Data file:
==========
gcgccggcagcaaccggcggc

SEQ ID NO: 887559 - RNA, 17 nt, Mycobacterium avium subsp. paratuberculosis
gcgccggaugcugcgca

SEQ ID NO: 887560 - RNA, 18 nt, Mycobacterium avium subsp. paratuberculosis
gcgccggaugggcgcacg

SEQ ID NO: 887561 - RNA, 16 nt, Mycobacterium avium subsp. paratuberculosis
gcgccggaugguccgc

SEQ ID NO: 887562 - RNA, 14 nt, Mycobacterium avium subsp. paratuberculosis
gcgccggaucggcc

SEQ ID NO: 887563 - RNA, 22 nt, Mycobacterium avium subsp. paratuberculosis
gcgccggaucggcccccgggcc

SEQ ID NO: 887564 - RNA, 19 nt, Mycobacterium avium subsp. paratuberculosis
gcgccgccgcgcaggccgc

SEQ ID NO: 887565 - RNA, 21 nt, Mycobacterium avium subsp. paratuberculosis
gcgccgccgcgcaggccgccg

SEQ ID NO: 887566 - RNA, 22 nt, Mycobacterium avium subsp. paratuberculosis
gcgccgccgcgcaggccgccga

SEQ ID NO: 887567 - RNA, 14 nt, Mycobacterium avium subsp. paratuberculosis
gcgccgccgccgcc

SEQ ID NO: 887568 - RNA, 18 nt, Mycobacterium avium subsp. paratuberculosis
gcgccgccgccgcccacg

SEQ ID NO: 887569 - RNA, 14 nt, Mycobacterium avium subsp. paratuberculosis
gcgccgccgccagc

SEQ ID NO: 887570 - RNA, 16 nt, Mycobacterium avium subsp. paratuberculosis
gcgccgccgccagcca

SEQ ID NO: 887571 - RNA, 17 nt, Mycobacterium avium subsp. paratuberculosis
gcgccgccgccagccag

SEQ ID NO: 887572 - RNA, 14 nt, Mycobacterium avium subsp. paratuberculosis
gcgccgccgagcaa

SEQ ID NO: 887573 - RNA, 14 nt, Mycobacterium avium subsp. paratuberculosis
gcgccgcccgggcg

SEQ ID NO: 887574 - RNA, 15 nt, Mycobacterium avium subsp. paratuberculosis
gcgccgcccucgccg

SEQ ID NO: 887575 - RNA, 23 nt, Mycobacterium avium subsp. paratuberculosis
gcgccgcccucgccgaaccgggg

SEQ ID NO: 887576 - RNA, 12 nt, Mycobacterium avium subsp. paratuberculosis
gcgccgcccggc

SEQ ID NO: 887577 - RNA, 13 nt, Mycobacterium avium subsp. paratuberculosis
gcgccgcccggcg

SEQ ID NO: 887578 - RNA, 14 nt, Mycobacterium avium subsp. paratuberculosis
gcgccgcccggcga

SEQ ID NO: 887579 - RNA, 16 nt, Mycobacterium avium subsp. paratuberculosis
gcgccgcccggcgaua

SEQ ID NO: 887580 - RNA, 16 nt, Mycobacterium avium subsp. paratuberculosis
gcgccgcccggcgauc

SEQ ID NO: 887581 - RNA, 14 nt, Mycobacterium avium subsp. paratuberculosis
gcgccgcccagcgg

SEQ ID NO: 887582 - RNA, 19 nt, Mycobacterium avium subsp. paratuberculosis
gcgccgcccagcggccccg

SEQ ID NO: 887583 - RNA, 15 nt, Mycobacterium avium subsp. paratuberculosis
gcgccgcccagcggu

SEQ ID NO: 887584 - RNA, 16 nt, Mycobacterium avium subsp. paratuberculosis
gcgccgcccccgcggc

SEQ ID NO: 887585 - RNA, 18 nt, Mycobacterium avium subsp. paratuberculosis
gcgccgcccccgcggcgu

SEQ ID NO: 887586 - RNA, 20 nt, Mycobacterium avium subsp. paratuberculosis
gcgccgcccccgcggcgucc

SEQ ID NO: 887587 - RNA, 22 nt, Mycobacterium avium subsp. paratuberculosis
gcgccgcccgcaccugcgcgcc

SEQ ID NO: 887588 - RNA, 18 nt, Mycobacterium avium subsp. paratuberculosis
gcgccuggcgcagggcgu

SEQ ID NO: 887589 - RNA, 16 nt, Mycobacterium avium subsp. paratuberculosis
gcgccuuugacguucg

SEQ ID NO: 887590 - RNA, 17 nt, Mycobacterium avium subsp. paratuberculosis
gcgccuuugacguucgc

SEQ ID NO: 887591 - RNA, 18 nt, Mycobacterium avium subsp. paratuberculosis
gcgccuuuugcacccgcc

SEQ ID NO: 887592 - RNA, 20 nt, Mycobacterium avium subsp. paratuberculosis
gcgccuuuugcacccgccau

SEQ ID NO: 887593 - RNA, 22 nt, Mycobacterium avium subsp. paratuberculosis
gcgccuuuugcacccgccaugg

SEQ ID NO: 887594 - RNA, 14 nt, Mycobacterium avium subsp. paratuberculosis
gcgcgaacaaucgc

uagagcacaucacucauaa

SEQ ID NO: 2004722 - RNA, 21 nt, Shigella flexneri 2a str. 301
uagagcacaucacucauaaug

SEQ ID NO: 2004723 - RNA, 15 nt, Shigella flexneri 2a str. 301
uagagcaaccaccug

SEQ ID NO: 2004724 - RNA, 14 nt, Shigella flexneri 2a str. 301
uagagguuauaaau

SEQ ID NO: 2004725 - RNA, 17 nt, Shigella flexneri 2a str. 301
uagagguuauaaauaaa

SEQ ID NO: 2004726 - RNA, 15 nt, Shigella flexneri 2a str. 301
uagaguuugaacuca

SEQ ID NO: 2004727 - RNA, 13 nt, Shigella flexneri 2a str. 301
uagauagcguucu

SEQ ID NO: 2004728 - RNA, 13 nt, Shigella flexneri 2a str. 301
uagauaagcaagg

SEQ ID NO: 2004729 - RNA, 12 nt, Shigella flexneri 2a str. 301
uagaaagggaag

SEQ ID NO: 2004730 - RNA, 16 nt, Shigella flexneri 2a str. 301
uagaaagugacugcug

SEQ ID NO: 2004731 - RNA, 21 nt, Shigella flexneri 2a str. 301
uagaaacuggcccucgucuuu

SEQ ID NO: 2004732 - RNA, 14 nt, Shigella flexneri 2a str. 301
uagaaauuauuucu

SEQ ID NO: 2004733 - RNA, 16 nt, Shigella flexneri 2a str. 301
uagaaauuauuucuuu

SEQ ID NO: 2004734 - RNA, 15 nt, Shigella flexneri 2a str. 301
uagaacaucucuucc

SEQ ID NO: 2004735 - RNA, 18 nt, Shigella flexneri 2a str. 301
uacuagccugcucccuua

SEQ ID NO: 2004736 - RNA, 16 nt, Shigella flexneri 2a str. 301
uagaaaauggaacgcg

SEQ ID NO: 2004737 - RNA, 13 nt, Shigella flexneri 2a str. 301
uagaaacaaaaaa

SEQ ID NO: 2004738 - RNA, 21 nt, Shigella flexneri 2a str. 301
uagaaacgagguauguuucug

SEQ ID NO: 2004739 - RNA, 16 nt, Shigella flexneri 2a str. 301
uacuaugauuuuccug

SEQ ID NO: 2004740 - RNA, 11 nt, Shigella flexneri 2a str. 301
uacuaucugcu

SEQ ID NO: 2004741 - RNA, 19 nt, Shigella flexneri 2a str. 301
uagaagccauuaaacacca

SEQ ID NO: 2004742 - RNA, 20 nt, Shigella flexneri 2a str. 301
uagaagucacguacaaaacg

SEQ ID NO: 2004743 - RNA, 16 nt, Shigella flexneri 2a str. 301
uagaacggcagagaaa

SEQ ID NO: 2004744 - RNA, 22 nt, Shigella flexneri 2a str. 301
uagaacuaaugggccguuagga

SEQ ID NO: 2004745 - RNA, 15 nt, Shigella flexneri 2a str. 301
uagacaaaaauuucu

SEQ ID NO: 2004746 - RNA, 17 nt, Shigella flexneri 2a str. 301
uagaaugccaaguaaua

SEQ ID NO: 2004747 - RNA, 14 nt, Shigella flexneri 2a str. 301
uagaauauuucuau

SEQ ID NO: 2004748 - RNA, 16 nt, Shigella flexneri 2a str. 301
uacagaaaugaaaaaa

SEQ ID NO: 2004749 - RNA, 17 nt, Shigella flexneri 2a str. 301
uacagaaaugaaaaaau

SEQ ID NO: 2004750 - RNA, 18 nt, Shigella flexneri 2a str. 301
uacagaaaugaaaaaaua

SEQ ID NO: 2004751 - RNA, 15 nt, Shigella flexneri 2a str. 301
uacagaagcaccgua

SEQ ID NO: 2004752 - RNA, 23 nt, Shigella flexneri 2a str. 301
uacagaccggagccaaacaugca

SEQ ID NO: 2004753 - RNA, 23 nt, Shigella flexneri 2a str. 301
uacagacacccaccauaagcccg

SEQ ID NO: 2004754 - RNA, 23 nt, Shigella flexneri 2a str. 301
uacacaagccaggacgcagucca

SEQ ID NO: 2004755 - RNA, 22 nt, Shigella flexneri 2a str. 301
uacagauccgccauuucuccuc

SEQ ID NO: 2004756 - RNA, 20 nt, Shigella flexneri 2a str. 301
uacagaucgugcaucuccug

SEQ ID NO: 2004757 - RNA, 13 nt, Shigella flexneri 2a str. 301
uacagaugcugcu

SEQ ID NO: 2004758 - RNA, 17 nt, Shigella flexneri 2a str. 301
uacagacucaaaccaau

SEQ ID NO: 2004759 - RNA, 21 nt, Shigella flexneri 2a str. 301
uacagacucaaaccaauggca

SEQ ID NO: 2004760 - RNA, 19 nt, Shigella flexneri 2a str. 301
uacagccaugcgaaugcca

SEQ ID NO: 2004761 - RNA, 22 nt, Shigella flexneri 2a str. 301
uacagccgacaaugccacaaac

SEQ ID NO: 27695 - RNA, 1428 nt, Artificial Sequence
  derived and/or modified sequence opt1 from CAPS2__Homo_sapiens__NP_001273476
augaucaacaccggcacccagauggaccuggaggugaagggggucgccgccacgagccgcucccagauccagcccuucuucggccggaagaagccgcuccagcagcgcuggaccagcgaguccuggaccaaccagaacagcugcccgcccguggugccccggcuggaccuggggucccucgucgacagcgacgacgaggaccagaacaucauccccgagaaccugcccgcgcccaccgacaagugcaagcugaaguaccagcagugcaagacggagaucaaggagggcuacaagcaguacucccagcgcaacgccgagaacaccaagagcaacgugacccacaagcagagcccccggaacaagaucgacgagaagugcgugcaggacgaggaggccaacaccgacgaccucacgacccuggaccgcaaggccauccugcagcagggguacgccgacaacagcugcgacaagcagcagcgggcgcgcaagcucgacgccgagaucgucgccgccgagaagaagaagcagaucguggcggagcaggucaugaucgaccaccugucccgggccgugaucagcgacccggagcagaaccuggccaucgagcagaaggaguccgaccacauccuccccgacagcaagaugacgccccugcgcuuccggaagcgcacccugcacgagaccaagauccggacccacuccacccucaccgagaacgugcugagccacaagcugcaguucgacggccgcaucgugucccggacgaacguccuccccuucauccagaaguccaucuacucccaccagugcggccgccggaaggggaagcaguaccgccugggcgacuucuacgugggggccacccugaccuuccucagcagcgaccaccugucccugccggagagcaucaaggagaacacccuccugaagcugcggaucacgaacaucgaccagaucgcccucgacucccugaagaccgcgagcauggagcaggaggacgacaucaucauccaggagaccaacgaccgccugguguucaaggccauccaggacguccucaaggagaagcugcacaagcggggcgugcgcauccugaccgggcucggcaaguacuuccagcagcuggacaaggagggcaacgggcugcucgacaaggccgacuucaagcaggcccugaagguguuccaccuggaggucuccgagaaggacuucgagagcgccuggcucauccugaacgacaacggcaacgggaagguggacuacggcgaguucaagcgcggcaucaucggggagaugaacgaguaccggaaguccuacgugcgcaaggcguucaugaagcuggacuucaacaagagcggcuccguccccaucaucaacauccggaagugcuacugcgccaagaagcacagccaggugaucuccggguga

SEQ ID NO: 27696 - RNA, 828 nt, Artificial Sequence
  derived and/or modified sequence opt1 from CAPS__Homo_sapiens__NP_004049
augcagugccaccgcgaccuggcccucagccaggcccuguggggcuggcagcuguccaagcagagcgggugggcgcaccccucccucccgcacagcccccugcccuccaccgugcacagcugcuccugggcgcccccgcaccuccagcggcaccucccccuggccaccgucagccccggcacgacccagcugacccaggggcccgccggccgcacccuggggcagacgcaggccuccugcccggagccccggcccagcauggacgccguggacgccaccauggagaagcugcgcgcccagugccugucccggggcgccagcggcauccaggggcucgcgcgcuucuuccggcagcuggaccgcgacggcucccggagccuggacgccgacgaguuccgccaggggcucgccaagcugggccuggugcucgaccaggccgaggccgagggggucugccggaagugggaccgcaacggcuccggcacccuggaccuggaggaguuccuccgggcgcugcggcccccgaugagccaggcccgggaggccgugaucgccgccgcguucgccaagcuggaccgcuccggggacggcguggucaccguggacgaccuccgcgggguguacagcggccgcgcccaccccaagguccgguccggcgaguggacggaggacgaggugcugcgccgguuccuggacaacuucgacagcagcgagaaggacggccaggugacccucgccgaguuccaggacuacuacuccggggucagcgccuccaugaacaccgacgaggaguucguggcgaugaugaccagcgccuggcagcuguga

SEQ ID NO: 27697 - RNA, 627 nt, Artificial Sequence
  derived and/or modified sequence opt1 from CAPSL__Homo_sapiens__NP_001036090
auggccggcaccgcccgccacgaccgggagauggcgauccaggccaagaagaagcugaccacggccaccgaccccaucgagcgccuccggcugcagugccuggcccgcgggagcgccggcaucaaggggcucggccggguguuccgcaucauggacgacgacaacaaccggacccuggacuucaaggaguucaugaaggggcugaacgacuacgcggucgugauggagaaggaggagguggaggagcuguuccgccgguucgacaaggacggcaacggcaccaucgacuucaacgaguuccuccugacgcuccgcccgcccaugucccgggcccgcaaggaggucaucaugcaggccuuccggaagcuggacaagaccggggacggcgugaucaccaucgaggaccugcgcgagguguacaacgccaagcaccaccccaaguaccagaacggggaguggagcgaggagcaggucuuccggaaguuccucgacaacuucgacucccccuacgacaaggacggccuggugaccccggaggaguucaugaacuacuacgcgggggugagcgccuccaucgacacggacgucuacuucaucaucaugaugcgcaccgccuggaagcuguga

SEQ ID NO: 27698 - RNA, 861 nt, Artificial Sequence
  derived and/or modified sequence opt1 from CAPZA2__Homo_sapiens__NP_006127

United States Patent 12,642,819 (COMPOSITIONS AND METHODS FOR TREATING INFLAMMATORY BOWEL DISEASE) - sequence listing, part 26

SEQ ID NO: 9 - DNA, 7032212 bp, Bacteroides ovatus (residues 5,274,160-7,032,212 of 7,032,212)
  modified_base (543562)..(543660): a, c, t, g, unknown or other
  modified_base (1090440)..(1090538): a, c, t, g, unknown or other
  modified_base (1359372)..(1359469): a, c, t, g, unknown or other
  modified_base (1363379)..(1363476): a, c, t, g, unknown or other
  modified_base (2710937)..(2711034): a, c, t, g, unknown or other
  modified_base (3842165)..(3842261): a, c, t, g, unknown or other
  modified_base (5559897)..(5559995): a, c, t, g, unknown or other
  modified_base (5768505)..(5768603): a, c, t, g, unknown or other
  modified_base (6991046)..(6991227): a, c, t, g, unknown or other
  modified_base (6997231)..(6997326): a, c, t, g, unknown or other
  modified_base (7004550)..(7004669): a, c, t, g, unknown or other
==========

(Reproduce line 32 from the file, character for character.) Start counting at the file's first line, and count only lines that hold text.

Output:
SEQ ID NO: 887574 - RNA, 15 nt, Mycobacterium avium subsp. paratuberculosis